Rep. Darrell Issa, chairman of the House Oversight and Government Reform Committee, says those responsible for the “Operation Fast and Furious” gunrunning scandal are much “higher up” in government than those who took the flak for the debacle. The California Republican also told Fox News’ Greta Van Susteren Tuesday a similar event can never happen again.
“It certainly goes much higher than the three individuals who were transferred or dismissed today — and more importantly, those higher up have not yet said how they are going to make sure this doesn’t happen again,” Issa said.”And Greta, it’s that second part that I think the American people have to be concerned with — bad things happen, but they shouldn’t happen twice — right now we are afraid this same sort of a failed program could go on again.”
On Tuesday, Kenneth Melson, the acting director of the Bureau of Alcohol, Tobacco, Firearms and Explosives (ATF), was reassigned. Melson has been central to a congressional investigation of the Fast and Furious program and Project Gunrunner.
In addition, Phoenix U.S. Attorney Dennis Burke, who worked with the ATF on the operation, resigned; Emory Hurley, an assistant U.S. attorney in Phoenix who helped oversee Fast and Furious, is being moved out of the criminal division to the civil division.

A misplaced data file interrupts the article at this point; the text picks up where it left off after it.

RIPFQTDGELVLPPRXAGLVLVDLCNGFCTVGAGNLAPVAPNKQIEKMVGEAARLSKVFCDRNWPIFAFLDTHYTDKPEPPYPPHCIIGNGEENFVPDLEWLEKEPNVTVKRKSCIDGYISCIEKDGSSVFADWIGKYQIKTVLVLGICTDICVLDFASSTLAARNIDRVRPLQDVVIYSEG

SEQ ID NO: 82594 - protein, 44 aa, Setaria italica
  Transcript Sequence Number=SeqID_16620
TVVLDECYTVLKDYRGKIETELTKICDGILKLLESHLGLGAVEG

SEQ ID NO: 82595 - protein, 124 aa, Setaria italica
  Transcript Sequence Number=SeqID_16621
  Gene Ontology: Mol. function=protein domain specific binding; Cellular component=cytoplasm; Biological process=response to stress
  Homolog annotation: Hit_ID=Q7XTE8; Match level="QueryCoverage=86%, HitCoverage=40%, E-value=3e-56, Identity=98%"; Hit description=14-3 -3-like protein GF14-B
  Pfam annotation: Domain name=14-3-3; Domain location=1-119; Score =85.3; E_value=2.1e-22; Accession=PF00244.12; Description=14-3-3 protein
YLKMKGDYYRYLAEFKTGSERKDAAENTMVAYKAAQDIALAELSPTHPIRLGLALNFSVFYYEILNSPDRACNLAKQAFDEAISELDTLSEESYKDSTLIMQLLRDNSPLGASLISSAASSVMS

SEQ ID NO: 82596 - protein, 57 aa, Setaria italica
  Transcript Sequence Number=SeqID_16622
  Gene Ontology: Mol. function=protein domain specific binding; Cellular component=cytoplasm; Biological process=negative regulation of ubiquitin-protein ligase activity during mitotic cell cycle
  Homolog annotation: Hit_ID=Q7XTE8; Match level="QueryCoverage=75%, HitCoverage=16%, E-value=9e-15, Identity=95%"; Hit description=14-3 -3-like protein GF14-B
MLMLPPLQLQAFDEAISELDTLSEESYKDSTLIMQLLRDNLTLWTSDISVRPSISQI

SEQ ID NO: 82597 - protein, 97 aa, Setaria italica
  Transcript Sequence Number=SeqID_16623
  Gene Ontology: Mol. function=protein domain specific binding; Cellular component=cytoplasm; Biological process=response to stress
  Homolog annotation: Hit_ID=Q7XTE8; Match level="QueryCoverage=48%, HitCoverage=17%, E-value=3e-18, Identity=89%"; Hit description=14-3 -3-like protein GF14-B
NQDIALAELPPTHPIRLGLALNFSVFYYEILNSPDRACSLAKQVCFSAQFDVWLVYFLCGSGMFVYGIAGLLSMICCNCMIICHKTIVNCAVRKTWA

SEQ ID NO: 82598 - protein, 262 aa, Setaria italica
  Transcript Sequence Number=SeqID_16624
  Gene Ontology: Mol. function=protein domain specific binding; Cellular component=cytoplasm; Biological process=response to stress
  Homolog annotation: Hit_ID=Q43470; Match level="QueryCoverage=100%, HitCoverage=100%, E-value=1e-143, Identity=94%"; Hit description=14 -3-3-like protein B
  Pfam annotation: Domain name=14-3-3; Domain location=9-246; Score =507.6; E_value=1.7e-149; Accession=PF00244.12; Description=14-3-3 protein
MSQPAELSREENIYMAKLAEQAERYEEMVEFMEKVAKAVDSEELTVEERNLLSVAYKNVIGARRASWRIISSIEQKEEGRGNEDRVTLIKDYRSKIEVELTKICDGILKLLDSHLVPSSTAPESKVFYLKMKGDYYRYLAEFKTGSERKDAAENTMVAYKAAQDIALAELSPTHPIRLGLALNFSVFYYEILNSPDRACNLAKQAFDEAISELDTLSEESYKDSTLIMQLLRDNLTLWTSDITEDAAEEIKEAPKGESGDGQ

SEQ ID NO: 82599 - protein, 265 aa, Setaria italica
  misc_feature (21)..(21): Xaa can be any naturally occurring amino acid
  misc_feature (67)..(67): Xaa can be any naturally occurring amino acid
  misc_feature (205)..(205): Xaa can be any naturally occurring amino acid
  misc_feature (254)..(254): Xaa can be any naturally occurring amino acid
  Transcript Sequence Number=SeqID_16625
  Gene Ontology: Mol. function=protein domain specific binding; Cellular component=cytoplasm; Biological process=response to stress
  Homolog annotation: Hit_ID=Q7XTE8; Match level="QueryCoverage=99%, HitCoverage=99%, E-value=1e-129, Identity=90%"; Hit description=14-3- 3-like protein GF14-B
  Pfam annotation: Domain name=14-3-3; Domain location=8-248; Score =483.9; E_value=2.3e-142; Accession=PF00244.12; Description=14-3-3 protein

Under the programs designed to track illegal gun purchases, about 1,400 weapons were sold to straw buyers and funneled to drug cartels. The weapons were used in crimes, including the yet-unsolved murder of U.S. Border Patrol agent Brian Terry.
“Brian Terry's family — his mother, his siblings — they’ve never gotten a fair recognition of who is responsible,” Issa said. “There are people who were part of the chain of those weapons that ultimately killed Brian Terry who have not been charged with any crime of this magnitude.
“I think reassignment from a position in which [Melson] was at least partially responsible is probably appropriate — at the same time he’s cooperated, he’s been helpful — and I’ll never forget when he said specifically about when he began seeing certain information that was withheld from AFT, including him, that had he known that he wouldn’t have allowed it, and he was sick to his stomach when he read it — then he began trying to get this program shutdown.”
Van Susteren asked whether the ATF changes put an end to the investigation.
“Greta, there’s two things we have to do to wrap up this investigation: First of all, we have to get to those responsible — which means we need the cooperation and discovery we haven’t been getting.” Issa said. “Almost everything we have and almost everything Senator [Charles] Grassley has we have gotten from third parties who have given it to us at great risk.
“We’ve issued lawful subpoenas, and they have [been] thwarted at best, often giving us information that is so redacted it is just black pieces of paper that used to be white before they put lines through it,” he said. “We have information given by third parties then redacted when the administration gave us their version — we know we are being gamed and we think the time for the game should be up.”
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